Children in the City of Sydney are bucking the trend and riding at double the amount of their greater Sydney peers. A 2017 national survey found 40 per cent of 10 to 17 year olds regularly ride in the city.
To celebrate, hundreds of pupils at Newtown Public School got on their bikes today, Friday 23 March 2018, for national ride2school day.
The inner city school hosted a morning of bike-based fun with the City of Sydney providing free bike bells, tune ups and fruit.
Deputy Lord Mayor Councillor Jess Miller arrived on an electric cargo bike, carrying prizes for the best young rider and best decorated bike.
The City taught more than 800 school children to ride last year, and nearly 4000 children took free balance bike classes at Sydney Park Cycling Centre.
Across Australia the number of children who are physically active has dropped significantly since the 1970s when 80 per cent of children walked or cycled to school. Today, around 24 per cent of Australian children under the age of 18 are classified as overweight and two thirds of kids travel to and from school by car.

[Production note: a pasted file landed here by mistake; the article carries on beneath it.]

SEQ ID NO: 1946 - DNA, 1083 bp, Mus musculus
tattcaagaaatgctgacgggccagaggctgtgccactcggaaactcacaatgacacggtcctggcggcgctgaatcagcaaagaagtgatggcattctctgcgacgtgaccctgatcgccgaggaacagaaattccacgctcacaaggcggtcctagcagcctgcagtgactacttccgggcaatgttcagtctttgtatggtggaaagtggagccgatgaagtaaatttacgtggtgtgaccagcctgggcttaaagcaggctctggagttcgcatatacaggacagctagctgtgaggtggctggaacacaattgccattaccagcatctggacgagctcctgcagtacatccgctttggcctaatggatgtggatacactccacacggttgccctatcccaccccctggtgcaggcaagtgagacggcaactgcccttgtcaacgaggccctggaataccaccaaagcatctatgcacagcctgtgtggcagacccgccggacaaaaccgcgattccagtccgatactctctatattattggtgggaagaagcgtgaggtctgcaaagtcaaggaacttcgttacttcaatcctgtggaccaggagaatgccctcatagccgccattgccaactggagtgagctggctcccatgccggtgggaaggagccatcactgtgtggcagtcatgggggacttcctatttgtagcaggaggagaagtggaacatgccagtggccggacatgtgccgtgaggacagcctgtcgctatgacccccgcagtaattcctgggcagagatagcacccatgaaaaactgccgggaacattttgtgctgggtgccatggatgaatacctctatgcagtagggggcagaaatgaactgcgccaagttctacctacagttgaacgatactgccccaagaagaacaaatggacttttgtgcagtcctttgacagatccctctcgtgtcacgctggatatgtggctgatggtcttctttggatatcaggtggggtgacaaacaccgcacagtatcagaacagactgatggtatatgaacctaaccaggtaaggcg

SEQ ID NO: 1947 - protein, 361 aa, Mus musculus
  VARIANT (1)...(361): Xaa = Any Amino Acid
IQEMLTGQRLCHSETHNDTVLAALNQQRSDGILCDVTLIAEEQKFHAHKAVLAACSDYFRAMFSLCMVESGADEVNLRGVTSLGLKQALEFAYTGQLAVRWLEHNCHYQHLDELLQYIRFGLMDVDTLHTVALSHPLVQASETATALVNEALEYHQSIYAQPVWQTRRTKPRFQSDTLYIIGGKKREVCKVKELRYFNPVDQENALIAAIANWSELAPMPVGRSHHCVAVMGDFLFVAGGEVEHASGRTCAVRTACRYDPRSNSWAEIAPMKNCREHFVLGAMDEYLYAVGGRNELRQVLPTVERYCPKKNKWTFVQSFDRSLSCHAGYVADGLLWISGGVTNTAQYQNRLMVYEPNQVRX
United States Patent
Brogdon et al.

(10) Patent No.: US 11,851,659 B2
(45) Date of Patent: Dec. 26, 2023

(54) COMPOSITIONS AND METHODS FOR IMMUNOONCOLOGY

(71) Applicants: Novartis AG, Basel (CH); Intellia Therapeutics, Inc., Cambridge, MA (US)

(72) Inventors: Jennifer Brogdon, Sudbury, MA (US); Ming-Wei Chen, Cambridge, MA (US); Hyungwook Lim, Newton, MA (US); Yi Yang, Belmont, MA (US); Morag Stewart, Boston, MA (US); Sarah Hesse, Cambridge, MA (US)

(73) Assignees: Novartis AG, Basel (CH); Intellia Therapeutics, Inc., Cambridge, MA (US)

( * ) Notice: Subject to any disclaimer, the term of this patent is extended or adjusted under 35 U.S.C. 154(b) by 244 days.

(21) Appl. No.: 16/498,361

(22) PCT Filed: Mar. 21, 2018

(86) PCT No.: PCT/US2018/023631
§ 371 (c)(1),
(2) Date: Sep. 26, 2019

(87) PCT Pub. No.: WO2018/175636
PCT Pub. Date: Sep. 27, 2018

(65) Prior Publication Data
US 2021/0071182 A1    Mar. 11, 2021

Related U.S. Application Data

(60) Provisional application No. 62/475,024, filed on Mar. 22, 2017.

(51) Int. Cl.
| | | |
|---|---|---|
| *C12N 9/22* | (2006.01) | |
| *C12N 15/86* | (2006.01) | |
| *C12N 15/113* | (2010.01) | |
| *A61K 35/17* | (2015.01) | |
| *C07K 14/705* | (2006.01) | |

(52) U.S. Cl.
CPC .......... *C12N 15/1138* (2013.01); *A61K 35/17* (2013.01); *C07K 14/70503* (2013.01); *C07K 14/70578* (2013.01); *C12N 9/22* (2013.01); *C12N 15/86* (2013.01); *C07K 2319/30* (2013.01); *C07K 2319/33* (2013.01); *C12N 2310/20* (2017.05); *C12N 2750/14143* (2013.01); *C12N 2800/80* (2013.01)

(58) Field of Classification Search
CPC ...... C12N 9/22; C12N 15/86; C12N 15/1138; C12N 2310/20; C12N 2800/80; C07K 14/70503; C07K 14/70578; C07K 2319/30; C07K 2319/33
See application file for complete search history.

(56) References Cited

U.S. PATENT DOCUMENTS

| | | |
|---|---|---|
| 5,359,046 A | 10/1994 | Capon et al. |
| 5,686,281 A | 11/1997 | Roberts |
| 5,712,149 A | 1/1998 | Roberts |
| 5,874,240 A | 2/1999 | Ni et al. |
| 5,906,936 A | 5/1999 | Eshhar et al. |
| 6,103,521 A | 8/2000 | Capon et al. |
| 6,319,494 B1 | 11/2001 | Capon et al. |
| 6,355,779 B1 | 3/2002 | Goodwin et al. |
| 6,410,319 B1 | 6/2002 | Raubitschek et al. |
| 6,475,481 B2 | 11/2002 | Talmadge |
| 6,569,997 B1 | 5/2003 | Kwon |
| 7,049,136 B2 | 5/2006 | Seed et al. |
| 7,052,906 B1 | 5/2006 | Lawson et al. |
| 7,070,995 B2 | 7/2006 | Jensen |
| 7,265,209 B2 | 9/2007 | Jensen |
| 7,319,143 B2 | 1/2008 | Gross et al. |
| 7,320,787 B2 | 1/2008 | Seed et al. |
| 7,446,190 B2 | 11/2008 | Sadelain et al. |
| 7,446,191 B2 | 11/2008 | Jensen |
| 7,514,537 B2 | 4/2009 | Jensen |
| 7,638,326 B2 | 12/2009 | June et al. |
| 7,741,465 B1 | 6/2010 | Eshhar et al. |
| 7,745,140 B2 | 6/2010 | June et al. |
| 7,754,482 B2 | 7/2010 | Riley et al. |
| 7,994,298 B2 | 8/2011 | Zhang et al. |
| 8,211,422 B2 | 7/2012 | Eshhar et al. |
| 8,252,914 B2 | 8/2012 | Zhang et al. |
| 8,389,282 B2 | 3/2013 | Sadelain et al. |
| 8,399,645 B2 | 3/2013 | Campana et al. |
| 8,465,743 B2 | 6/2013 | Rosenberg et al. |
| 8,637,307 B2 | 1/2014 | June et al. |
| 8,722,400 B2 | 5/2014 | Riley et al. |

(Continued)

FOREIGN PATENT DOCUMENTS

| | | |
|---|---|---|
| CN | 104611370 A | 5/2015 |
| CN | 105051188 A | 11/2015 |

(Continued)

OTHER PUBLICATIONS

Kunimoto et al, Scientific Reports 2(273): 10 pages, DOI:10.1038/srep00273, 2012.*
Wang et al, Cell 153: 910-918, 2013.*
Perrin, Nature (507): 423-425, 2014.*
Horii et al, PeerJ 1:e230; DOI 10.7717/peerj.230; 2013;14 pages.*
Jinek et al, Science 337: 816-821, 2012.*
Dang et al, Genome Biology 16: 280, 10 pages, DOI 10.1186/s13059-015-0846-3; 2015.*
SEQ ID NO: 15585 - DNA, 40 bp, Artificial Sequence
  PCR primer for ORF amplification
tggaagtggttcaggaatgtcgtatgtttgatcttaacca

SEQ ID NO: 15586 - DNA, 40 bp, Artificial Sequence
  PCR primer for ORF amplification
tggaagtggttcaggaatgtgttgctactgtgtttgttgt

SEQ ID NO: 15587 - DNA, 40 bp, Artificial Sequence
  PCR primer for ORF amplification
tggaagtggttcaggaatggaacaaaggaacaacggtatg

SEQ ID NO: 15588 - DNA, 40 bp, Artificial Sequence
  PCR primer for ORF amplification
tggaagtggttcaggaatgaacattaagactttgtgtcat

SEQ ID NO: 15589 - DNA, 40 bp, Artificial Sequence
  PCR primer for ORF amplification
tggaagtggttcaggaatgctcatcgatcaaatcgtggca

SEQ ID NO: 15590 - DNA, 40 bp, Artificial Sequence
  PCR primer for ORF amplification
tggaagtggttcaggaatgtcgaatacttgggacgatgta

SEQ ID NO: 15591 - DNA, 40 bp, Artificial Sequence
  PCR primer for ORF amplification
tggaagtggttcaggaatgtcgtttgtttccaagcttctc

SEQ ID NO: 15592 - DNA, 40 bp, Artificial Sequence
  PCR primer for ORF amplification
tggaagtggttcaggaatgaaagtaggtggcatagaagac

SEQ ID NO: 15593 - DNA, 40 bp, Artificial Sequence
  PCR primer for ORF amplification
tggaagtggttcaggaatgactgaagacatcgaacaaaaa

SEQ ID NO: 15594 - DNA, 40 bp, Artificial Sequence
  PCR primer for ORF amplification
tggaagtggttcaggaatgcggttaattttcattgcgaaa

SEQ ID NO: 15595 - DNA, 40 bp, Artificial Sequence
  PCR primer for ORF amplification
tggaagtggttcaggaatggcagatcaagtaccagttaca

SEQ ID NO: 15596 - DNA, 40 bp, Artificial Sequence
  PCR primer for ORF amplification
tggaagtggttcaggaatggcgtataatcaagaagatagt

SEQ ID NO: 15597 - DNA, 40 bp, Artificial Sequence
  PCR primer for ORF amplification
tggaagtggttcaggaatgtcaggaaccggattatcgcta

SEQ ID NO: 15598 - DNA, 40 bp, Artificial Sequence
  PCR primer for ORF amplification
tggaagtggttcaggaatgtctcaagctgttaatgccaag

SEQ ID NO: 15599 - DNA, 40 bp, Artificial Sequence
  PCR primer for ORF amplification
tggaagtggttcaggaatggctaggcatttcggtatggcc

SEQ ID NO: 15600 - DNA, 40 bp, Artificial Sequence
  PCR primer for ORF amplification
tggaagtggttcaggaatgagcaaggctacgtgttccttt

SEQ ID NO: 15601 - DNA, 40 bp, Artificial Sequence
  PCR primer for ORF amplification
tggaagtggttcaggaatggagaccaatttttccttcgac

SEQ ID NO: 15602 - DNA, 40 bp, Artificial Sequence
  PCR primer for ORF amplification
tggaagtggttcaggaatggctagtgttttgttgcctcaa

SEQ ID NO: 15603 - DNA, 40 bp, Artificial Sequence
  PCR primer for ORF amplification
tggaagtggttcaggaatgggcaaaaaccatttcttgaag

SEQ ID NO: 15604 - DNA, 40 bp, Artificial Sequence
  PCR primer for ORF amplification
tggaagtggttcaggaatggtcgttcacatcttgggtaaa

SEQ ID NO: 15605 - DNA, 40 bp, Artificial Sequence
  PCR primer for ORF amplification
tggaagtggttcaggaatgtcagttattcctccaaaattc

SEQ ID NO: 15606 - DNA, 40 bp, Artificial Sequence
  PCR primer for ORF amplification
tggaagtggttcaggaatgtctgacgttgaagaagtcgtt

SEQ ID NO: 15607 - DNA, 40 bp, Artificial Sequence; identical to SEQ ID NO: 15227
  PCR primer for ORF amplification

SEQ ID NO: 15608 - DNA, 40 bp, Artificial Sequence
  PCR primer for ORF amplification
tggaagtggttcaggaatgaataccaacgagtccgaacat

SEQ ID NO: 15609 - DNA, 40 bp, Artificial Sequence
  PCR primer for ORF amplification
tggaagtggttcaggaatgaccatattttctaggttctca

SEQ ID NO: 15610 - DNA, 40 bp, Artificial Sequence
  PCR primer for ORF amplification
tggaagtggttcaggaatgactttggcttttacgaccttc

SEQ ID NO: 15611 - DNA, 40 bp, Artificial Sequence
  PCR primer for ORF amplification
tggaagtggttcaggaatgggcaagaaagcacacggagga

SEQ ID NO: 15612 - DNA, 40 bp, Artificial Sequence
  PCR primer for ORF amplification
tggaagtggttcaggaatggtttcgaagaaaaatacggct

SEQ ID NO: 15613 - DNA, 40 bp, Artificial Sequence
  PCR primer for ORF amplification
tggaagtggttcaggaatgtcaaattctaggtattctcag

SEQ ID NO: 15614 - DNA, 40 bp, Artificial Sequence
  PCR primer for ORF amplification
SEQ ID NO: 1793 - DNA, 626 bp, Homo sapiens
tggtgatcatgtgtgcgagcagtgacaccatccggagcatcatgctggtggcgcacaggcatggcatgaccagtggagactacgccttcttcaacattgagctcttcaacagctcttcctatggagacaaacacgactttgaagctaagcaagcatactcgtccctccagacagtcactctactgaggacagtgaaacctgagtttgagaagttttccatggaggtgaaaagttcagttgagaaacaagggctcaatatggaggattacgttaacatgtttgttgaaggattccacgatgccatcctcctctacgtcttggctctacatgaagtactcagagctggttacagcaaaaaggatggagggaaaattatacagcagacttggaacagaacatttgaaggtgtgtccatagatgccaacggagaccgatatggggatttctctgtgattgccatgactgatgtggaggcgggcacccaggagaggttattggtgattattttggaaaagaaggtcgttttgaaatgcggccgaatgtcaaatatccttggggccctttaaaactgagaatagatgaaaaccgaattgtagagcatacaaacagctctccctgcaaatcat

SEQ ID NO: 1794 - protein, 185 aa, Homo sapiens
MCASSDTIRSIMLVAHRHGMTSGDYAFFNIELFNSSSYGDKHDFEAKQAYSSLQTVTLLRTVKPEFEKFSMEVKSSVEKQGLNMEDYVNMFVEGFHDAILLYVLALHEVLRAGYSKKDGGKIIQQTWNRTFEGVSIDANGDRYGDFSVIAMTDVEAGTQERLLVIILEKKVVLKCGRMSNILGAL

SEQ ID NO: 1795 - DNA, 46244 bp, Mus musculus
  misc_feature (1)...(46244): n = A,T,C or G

Newtown Public School principal Abbey Proud said ride2School day was a great opportunity for her pupils.
“The students at Newtown Public School are so enthusiastic and it’s great to see their excited smiles when they arrive at the school gates on their bikes, scooters, skateboards or on foot,” Ms Proud said.
“Riding with your children is a great way to model safe riding behaviour and to teach them to be more independent.”
The City of Sydney is planning a new cycleway along Wilson and Burren Streets to connect Newtown and Redfern, with construction due to start later this year. 40km/h speed limits were introduced to Newtown streets last year in a bid to limit the impact of traffic in the area.
Ride2School day is organised by the national bicycle charity, Bicycle Network.